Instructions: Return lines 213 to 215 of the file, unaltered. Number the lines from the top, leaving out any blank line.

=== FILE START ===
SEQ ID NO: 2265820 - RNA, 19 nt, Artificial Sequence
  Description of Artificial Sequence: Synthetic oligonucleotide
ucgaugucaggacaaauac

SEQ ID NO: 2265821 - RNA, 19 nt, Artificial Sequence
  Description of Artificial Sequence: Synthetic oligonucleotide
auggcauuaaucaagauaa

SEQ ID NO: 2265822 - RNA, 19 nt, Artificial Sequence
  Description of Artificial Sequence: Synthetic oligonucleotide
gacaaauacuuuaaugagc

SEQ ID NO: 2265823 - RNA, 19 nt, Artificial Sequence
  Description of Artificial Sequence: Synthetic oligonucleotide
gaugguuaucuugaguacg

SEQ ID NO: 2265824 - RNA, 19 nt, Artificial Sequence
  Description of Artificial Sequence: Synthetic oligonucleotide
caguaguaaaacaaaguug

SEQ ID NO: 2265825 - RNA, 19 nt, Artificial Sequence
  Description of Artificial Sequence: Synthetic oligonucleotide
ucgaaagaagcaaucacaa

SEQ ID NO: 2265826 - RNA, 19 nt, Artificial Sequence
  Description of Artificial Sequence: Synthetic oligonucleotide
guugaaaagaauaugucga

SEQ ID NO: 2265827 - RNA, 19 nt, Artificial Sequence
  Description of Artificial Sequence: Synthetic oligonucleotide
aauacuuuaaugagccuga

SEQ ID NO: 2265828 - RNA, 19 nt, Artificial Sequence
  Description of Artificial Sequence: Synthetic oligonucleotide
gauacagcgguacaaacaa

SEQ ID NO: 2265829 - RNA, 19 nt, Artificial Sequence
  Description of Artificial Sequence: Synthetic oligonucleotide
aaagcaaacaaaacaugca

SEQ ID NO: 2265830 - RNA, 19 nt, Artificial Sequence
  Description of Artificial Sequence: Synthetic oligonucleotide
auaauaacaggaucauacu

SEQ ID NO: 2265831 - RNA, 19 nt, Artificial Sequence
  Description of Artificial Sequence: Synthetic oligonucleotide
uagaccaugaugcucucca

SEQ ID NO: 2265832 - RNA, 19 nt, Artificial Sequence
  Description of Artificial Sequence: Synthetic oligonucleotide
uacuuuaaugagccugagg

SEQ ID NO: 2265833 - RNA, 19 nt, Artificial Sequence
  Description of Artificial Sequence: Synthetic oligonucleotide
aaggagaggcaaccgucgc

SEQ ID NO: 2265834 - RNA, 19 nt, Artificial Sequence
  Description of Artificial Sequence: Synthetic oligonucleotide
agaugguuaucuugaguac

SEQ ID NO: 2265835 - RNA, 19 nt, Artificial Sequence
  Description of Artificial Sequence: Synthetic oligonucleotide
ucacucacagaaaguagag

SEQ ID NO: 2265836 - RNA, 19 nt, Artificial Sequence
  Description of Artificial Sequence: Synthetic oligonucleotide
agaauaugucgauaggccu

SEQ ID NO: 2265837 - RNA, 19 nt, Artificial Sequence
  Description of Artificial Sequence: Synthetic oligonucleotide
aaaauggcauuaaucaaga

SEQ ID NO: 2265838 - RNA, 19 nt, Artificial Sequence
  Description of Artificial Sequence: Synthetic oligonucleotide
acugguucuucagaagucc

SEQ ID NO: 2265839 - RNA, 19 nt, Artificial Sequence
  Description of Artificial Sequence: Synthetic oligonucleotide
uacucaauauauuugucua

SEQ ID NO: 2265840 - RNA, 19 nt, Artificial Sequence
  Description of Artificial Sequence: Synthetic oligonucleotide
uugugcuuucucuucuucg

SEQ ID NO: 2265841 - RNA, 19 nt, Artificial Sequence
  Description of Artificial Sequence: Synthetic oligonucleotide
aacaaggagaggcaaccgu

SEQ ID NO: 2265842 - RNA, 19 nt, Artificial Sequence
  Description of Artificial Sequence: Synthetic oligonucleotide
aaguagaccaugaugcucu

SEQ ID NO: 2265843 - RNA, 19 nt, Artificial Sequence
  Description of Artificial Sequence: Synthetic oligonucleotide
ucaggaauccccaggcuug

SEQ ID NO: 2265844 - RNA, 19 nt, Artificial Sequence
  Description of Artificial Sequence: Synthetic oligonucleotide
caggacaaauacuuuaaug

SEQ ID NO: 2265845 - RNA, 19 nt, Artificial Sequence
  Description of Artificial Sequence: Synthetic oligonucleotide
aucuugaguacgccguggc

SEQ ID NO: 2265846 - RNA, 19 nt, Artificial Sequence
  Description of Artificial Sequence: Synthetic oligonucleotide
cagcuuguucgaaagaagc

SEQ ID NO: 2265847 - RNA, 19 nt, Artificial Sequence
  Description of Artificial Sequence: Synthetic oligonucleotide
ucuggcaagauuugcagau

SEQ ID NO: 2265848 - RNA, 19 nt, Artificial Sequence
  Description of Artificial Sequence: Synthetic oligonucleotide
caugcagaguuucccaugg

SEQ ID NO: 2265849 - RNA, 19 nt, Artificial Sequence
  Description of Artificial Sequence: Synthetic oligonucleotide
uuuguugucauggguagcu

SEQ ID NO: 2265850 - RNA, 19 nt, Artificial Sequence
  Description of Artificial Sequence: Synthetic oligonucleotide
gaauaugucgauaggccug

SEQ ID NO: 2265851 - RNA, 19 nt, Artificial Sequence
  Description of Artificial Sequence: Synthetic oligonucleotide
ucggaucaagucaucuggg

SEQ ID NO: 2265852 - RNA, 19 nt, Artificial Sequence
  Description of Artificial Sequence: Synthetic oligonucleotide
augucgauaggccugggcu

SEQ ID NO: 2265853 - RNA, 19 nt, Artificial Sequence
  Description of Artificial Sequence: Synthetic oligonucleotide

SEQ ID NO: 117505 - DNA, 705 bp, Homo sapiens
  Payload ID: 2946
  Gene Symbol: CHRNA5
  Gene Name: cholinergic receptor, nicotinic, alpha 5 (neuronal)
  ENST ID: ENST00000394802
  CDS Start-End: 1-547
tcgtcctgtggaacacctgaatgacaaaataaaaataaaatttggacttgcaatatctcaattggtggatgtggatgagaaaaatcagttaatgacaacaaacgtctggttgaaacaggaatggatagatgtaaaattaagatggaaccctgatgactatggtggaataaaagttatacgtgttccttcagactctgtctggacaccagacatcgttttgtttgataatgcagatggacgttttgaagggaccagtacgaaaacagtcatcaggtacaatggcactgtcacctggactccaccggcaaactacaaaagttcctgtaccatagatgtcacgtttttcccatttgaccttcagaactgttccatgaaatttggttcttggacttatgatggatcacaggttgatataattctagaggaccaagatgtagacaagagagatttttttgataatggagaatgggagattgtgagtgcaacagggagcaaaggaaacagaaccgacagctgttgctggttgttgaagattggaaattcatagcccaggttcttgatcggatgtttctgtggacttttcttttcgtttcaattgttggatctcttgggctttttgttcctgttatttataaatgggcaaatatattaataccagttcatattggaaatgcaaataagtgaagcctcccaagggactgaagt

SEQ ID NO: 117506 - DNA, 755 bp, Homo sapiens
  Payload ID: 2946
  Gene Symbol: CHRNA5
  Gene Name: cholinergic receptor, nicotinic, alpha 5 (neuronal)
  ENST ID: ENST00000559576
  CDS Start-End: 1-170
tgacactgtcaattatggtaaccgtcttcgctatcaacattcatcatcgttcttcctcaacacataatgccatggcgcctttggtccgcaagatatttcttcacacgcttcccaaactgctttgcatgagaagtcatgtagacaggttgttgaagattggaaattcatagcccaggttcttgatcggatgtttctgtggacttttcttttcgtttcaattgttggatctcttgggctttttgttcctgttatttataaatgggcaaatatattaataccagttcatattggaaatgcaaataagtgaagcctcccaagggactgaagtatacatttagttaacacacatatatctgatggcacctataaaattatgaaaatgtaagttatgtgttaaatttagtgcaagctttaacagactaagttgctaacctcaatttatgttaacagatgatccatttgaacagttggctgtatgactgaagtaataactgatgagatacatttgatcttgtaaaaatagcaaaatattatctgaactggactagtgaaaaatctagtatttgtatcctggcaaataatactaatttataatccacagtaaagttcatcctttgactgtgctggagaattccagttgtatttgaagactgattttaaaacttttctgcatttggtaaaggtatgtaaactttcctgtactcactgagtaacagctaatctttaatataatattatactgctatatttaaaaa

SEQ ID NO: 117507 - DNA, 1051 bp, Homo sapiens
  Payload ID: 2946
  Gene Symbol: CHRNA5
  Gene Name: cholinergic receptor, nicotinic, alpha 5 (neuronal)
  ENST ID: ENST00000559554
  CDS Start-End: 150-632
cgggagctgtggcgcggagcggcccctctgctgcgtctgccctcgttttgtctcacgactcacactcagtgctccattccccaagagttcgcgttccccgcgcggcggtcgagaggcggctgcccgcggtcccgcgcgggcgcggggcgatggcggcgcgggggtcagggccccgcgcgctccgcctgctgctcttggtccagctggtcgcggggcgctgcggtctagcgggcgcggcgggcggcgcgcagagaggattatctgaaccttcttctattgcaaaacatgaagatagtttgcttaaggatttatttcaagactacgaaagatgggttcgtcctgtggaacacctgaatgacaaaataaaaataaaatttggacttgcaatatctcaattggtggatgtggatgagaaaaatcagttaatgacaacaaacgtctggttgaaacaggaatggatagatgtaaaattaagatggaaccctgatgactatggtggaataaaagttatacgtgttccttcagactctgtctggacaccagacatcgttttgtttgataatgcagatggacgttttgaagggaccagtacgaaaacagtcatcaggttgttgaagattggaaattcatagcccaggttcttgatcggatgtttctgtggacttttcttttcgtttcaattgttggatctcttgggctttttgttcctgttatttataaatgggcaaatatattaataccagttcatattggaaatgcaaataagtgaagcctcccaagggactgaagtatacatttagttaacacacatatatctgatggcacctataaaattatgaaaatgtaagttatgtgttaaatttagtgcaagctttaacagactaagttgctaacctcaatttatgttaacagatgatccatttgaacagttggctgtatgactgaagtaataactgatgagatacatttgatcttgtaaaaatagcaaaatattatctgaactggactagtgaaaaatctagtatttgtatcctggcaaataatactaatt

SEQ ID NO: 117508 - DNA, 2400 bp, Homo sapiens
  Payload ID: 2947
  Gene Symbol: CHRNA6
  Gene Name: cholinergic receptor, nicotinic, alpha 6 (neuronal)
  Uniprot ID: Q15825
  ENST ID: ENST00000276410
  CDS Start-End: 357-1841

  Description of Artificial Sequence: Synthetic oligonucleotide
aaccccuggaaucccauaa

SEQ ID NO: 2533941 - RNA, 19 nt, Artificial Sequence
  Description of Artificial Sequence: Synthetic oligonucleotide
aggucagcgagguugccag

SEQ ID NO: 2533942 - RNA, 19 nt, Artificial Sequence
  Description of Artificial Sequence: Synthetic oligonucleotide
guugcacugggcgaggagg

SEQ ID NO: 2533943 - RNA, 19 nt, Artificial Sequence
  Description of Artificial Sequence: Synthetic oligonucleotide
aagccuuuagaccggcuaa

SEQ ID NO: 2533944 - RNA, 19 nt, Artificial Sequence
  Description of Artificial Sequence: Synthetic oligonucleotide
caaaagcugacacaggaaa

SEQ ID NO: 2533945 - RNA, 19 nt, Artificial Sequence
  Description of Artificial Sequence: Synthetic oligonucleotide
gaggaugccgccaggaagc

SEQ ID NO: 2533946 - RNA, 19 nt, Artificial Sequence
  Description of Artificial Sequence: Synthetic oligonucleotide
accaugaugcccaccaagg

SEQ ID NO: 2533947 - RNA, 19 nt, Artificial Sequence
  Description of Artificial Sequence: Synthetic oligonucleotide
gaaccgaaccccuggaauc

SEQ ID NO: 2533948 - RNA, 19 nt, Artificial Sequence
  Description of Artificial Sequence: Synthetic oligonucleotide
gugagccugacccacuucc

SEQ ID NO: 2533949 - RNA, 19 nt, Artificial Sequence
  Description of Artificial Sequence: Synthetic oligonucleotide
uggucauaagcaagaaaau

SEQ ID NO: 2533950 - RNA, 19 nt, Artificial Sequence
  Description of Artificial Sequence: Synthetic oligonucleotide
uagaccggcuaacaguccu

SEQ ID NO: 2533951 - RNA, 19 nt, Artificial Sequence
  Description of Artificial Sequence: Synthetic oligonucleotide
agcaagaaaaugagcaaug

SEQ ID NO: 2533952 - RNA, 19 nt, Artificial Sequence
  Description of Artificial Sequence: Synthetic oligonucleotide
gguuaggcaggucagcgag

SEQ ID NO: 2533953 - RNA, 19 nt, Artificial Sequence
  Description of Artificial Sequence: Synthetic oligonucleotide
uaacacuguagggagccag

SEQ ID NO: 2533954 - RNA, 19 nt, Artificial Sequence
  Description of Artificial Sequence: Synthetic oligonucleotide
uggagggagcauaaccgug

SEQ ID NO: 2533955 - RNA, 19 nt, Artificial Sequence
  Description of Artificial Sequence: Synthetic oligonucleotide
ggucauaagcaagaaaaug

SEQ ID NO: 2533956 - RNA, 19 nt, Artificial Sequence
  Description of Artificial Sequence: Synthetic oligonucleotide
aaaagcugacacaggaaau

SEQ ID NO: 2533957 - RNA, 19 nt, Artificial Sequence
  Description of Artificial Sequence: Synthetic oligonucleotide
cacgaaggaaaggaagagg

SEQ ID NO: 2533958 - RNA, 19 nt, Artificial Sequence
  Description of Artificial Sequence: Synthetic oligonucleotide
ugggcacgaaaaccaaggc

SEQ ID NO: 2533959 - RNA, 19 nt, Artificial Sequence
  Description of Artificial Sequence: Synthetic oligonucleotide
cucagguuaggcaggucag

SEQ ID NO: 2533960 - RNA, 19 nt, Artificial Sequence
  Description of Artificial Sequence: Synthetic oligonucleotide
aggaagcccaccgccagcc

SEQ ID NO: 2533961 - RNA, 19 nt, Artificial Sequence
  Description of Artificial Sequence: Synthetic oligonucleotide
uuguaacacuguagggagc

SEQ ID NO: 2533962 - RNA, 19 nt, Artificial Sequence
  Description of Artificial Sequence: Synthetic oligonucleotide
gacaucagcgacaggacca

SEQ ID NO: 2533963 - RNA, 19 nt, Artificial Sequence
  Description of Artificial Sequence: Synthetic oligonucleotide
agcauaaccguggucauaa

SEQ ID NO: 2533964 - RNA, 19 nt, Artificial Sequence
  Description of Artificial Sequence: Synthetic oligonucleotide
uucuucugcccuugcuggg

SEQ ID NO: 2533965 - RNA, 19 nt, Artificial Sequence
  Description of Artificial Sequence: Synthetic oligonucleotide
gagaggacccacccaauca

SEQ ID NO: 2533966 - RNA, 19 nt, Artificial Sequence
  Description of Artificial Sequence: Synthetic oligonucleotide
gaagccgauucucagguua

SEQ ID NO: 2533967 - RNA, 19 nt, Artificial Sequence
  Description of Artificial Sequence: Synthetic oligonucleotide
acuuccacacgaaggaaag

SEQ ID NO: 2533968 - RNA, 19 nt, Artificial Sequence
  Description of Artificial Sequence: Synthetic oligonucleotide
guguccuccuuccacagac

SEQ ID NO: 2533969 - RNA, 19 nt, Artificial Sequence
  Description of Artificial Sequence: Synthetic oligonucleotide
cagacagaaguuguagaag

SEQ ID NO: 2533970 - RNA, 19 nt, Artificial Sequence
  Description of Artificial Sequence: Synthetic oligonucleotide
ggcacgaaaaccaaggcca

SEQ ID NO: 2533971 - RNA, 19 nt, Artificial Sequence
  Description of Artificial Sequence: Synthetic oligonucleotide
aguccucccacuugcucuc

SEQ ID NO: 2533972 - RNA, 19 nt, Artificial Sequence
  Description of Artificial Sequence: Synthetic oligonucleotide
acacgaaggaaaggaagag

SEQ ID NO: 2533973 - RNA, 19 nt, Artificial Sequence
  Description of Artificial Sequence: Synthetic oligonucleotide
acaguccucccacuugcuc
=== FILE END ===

SEQ ID NO: 2533968 - RNA, 19 nt, Artificial Sequence
  Description of Artificial Sequence: Synthetic oligonucleotide
guguccuccuuccacagac